BCS Bowl… (yawn) Games Selection… (zzzzz) Complaints Again… (phrppp)

Bob Ryan of the Boston Globe writes a long tedious column in today’s sports section about the inequities of the Bowl Championship Series.

For the incognoscenti, the BCS is the answer from the college football bureaucrats to the question of ‘Who’s Number One?’

Considering that every year the complaints about the system fly thick and fast it’s apparent that no one really knows Who’s Number One. But it’s important to the football folk, their lives apparently on hold at this time of year, to be able to say knowledgeably at the water cooler or the bar that “Yup, yup, Huge Freaking College is Number One this year. Yup, yup, sure is.”

The process that the BCS folks use to determine Who’s Number One is so arcane that it puts intelligent people to sleep. (The Lion would note that he is so intelligent that he fell sound asleep at the end of the first paragraph of Ryan’s column.) It is rumored by odd men wearing cheap black suits and sunglasses that the people who designed the BCS system don’t understand it either.

Of course central to understanding BCS is that it doesn’t matter how it works or if it works to actually determine Who’s Number One. What matters is that it keeps people talking about the BCS and that money keeps rolling into college football coffers.

Consider if you will the Naming of The Bowls. There’s the Tostitos Fiesta Bowl. The Citi Rose Bowl Game. The FedEx Orange Bowl. The Allstate Sugar Bowl.

There’s even the Chick-Fil-A Bowl. Imagine how proud it must be for a player to say, perhaps when he’s in his forties or fifties, “Yup, yup, I played in that chicken fast food bowl back in the day, yup, yup.”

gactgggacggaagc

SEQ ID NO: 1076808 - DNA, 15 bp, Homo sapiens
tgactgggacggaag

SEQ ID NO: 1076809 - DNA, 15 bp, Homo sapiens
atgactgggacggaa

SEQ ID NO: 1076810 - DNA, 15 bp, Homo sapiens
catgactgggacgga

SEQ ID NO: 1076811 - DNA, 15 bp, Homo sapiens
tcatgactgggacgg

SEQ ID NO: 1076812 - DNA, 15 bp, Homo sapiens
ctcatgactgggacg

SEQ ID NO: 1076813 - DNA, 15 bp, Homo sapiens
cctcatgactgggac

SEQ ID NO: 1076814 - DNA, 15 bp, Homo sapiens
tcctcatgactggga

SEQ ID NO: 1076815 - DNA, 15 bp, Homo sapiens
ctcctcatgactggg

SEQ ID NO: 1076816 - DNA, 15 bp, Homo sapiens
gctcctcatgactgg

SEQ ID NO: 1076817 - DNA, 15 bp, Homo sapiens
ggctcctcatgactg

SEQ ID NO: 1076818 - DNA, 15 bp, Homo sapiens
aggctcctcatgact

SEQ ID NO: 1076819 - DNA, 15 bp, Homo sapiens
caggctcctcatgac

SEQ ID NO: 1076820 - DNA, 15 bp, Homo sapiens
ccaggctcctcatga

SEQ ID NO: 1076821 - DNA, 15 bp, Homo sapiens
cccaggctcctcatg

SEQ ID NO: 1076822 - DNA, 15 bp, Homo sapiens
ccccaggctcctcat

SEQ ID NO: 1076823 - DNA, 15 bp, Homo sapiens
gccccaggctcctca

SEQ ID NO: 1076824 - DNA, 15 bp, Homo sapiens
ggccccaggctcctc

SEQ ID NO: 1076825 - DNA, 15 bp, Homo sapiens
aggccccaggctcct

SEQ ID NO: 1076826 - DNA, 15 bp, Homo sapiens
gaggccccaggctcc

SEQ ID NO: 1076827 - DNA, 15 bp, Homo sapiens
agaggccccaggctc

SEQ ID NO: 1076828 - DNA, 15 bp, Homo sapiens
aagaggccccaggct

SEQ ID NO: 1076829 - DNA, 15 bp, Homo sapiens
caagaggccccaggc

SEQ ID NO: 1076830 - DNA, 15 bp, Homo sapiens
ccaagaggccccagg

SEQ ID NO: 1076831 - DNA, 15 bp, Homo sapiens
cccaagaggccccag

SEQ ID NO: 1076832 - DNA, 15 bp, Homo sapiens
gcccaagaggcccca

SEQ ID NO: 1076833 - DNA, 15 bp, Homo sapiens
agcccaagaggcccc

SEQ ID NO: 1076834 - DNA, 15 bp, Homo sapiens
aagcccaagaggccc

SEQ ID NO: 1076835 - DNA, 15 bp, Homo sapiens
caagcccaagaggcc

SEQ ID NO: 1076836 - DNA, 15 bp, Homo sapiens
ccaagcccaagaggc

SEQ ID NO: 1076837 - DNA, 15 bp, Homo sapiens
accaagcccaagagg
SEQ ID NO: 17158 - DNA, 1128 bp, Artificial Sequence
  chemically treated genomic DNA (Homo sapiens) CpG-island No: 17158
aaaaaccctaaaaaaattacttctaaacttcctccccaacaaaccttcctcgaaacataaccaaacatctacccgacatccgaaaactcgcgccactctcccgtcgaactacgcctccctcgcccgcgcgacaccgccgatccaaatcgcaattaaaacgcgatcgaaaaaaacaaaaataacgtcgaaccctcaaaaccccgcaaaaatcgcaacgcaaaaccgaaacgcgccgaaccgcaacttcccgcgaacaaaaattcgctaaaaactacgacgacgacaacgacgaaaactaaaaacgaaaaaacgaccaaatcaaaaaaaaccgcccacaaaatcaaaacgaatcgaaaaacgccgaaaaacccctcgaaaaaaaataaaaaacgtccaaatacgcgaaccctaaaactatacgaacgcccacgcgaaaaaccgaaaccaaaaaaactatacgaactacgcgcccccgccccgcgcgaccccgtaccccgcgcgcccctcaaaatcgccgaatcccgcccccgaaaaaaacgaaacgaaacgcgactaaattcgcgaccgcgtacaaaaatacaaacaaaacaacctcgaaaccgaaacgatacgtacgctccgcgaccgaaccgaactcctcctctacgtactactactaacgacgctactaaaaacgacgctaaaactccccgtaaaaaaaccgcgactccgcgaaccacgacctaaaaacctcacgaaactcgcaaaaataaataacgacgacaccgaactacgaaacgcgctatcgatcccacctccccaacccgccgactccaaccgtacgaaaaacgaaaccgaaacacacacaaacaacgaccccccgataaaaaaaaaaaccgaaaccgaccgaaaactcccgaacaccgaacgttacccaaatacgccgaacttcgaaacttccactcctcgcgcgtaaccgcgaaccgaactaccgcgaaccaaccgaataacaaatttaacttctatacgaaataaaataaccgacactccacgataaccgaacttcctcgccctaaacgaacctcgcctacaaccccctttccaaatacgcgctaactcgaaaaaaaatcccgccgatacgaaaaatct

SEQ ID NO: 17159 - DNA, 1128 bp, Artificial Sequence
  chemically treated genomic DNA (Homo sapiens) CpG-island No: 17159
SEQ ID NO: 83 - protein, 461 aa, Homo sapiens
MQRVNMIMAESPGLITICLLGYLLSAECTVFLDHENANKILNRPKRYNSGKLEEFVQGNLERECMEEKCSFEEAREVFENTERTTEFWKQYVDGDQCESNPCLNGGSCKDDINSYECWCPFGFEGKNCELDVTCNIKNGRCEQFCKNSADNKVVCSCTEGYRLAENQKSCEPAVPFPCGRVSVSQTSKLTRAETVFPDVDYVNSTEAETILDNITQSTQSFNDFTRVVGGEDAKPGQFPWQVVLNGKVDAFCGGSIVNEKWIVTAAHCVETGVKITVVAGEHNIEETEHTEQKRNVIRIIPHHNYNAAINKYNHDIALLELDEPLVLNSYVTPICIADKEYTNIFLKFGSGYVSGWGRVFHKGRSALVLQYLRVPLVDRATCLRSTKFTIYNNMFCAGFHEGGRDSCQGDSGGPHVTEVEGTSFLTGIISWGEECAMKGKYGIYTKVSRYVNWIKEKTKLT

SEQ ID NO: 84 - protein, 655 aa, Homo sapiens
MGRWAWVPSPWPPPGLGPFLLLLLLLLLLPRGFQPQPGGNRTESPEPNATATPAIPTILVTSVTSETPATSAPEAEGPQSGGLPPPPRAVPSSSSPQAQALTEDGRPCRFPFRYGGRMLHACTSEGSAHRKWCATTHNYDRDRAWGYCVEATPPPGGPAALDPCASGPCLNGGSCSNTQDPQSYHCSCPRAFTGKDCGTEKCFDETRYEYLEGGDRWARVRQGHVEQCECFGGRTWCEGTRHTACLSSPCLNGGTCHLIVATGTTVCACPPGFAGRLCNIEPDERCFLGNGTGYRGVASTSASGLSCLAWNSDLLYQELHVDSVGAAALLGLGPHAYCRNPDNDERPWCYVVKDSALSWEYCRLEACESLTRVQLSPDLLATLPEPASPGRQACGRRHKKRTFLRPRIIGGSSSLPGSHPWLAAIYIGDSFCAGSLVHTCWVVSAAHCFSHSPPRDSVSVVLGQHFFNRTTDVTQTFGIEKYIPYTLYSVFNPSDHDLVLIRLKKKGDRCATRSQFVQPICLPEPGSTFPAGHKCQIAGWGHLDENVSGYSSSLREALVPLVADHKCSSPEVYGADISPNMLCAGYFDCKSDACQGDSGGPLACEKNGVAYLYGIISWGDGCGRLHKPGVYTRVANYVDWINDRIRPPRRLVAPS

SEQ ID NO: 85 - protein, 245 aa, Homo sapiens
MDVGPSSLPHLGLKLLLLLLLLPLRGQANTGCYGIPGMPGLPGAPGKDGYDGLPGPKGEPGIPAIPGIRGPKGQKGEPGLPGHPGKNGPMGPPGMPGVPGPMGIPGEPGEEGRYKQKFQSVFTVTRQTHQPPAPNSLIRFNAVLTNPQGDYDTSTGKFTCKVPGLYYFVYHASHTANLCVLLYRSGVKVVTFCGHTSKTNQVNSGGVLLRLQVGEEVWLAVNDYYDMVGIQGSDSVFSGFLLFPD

When the corporations are lining up to buy bowl games the jig is up. It’s no longer about Who’s Number One. It’s about Money. Big Money. The players aren’t playing for their school anymore. They’re playing for FedEx and Tostitos and the honor of millions of dead chickens.

The corporations want to own everything, and in the process they’ve made everything they touch into cold corporate product. The FedEx Orange Bowl is not the Orange Bowl. It’s just a corporate shill extravaganza for FedEx.

It doesn’t really matter anymore Who’s Number One. When your football uniform says Allstate or Citi, you’ve been bought, and we’ve been sold a bill of goods.


5 Responses

  1. I love NCAA football and don’t really care one way or another who wins the championship. I just like watching the games.


    • Chappie, doncha got no principles? Wheah’s the outrage?


  2. Even I love watching all these games….Bob Ryan’s articles are very boring and quite huge…You won’t even feel like reading them.. Visit http://www.sportsviews.com/ to get all the latest updates on the world of sports and you also get to read very interesting articles!


  3. Yes, it is all about money. The problem started long before the Tostistos and the Chick-Fil-A fucks got involved. Different groups put together different bowls decades ago and they all brag about their respective importance, so that’s reason #1 why there’s no playoffs, because then you’d be saying one bowl was more important than another. Tied to that then is the corporate sponsors. Who wants to sponsor a lesser bowl?

    Let’s face it, college football is just minor league tryouts for the NFL, so who cares who’s #1? All that matters is we get some decent matchups to watch to review some of the potential stars for Draft Day in April.

    Btw, 15 of the 32 NFL stadiums have corporate sponsors (RCA Dome, Alltel stadium, Invesco Field, etc.). Arrowhead still doesn’t (suck it, Broncos).


  4. The universities are corporations too. I’m all for sports sponsorship but only if the athletes are being remunerated for their labour, and that obviously isn’t the case in college football. They should be paid.


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